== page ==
- How common is antibiotic resistance?
- What is antibiotic resistance and how does it develop?
- What may cause antibiotic resistance to develop in bacteria?
- What are some causes of antibiotic resistance quizlet?
- What are three actions that could prevent antibiotic resistance quizlet?
- What is the biggest contributor to antibiotic resistance?
- How can we prevent antibiotic resistance?
- What are examples of antibiotic resistance?
- What factors contribute to antibiotic resistance?
- Can we reverse antibiotic resistance?
- How do you know if you are antibiotic resistant?
- How is antibiotic resistance related to evolution?
How common is antibiotic resistance?
Antibiotic resistance is one of the biggest public health challenges of our time.
Each year in the U.S., at least 2.8 million people get an antibiotic-resistant infection, and more than 35,000 people die..
What is antibiotic resistance and how does it develop?
Antibiotic resistance happens when germs like bacteria and fungi develop the ability to defeat the drugs designed to kill them. That means the germs are not killed and continue to grow. Infections caused by antibiotic-resistant germs are difficult, and sometimes impossible, to treat.
What may cause antibiotic resistance to develop in bacteria?
Antibiotic use promotes development of antibiotic-resistant bacteria. Every time a person takes antibiotics, sensitive bacteria are killed, but resistant germs may be left to grow and multiply. Repeated and improper uses of antibiotics are primary causes of the increase in drug-resistant bacteria.
What are some causes of antibiotic resistance quizlet?
What causes antibiotic resistance? Bacteria develop random mutations in their DNA which can lead to changes in their characteristics. What can a mutation in a bacteria’s DNA lead to? Antibiotic resistant strains forming as a gene for antibiotic resistance.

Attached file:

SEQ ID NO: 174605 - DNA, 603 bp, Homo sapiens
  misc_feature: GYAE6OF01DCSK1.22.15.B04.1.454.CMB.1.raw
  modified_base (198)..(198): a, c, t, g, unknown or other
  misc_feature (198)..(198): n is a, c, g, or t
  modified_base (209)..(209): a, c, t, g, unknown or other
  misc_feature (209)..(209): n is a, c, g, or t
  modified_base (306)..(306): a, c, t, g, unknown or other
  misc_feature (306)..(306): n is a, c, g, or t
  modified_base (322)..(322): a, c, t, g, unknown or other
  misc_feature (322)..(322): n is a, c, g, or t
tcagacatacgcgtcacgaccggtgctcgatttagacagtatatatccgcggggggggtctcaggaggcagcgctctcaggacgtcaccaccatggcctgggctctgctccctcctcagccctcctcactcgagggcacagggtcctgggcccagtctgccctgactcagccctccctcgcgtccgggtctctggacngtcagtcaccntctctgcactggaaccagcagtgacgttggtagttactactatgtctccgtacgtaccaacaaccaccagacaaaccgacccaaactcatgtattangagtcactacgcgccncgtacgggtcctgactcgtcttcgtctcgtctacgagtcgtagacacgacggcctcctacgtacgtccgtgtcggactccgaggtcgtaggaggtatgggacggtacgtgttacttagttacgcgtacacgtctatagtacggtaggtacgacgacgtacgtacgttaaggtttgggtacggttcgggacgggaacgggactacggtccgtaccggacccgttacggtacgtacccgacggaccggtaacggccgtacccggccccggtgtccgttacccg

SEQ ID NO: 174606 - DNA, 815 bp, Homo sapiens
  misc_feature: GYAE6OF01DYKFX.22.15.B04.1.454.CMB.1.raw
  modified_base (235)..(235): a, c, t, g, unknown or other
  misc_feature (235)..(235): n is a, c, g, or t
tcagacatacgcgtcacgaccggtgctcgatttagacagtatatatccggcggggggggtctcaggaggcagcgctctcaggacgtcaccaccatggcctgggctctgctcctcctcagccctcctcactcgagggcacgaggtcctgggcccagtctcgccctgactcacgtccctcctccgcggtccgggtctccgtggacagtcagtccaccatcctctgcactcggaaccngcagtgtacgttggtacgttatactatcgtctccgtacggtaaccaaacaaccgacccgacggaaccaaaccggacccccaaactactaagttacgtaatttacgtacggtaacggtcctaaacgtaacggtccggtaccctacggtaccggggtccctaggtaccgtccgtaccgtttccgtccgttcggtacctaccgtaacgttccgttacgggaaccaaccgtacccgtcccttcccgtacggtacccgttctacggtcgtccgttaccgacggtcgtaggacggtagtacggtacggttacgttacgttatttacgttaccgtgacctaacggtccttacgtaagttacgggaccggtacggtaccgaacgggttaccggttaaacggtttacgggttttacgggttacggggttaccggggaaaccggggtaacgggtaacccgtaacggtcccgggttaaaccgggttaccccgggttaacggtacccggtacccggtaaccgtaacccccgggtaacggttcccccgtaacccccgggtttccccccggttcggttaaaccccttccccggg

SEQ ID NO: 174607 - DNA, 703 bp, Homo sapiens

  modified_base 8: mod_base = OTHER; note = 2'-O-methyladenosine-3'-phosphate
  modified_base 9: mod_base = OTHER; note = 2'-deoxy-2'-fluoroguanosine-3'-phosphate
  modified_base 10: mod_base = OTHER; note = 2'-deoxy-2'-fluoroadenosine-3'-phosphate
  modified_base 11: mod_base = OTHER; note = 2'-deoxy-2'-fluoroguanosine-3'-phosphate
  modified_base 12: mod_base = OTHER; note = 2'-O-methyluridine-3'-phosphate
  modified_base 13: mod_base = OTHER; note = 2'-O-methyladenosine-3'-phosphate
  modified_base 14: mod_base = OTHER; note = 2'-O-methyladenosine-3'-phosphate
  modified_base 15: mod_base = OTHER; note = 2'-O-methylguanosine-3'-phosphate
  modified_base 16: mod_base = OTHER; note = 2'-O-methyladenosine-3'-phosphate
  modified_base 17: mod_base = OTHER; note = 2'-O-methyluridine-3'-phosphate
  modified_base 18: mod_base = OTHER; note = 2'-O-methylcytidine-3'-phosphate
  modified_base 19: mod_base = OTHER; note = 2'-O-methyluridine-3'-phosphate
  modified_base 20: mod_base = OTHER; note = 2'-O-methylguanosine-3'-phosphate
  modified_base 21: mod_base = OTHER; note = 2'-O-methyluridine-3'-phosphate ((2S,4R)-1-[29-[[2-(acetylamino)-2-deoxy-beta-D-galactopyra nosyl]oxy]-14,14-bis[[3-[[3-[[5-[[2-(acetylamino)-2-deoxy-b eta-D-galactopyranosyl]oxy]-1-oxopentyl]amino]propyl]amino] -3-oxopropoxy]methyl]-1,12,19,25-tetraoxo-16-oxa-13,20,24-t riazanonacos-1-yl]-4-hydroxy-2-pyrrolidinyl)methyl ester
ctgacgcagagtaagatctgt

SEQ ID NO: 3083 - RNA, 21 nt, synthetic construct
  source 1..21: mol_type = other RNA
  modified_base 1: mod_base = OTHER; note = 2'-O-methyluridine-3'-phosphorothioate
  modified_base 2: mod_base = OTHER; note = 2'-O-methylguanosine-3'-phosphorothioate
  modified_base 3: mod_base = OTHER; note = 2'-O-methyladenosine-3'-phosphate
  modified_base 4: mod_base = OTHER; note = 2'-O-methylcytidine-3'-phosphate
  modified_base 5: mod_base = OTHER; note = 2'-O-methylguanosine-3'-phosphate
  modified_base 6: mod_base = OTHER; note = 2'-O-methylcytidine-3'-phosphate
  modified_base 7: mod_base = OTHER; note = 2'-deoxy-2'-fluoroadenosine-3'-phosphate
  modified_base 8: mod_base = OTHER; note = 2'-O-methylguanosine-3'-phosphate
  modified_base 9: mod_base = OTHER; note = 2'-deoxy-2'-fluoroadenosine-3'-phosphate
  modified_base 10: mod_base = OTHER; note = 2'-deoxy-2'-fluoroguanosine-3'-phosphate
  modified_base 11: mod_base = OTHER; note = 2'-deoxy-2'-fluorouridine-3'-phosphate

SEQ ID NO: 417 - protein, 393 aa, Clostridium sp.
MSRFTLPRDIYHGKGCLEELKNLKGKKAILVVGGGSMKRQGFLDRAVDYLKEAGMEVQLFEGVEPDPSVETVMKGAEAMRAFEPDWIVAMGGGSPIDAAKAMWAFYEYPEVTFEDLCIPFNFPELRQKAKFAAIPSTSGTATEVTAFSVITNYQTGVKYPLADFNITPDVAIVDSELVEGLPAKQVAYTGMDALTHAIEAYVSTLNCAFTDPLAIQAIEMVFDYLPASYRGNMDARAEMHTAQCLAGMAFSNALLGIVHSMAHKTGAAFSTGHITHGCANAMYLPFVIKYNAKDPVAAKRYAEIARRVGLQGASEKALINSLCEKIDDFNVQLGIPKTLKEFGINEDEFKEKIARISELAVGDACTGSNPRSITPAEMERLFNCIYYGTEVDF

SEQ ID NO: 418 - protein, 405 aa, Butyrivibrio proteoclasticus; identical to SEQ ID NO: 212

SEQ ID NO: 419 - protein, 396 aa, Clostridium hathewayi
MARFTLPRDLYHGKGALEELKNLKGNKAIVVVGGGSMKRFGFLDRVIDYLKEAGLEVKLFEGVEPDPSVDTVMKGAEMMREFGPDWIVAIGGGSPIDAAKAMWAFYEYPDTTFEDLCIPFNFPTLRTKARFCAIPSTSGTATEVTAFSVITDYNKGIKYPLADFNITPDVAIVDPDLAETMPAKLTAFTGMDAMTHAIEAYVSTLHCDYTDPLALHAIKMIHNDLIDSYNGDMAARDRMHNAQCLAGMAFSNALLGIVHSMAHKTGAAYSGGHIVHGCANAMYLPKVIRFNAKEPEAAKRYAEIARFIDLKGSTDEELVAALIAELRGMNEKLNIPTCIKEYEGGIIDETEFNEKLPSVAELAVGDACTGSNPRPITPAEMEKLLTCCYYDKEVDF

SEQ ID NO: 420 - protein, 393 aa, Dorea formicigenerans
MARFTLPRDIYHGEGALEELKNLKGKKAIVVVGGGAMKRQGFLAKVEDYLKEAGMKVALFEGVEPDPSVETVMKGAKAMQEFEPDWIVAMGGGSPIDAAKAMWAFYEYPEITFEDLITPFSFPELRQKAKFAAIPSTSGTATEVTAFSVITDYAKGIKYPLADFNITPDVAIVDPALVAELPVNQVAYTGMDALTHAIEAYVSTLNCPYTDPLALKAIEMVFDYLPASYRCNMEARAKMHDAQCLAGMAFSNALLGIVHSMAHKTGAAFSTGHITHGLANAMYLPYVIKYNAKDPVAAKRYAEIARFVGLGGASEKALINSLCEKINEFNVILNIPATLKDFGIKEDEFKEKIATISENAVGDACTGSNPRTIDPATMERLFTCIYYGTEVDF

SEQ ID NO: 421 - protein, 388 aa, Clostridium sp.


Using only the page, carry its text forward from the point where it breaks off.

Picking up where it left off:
What are three actions that could prevent antibiotic resistance quizlet?
What are three actions that could prevent antibiotic resistance? take all of the prescribed medication. do not take medication prescribed to someone else. do not take an antibiotic for a viral infection.
What is the biggest contributor to antibiotic resistance?
The primary contributors to resistance development in developing countries include poor surveillance of drug-resistant infections, poor quality of available antibiotics, clinical misuse, and the ease of availability of antibiotics.
How can we prevent antibiotic resistance?
To prevent and control the spread of antibiotic resistance, individuals can:Only use antibiotics when prescribed by a certified health professional.Never demand antibiotics if your health worker says you don’t need them.Always follow your health worker’s advice when using antibiotics.More items…•
What are examples of antibiotic resistance?
Examples of bacteria that are resistant to antibiotics include methicillin-resistant Staphylococcus aureus (MRSA), penicillin-resistant Enterococcus, and multidrug-resistant Mycobacterium tuberculosis (MDR-TB), which is resistant to two tuberculosis drugs, isoniazid and rifampicin.
What factors contribute to antibiotic resistance?
In summary, the 6 main causes of antibiotic resistance have been linked to:Over-prescription of antibiotics.Patients not finishing the entire antibiotic course.Overuse of antibiotics in livestock and fish farming.Poor infection control in health care settings.Poor hygiene and sanitation.More items…•
Can we reverse antibiotic resistance?
Yes, antibiotic resistance traits can be lost, but this reverse process occurs more slowly. If the selective pressure that is applied by the presence of an antibiotic is removed, the bacterial population can potentially revert to a population of bacteria that responds to antibiotics.
How do you know if you are antibiotic resistant?
Your healthcare provider may take a sample of your infected tissue and send it to a lab. There, the type of infection can be figured out. Tests can also show which antibiotics will kill the germs. You may have an antibiotic-resistant infection if you don’t get better after treatment with standard antibiotics.
How is antibiotic resistance related to evolution?
Antibiotic resistance is a consequence of evolution via natural selection. The antibiotic action is an environmental pressure; those bacteria which have a mutation allowing them to survive will live on to reproduce. They will then pass this trait to their offspring, which will be a fully resistant generation.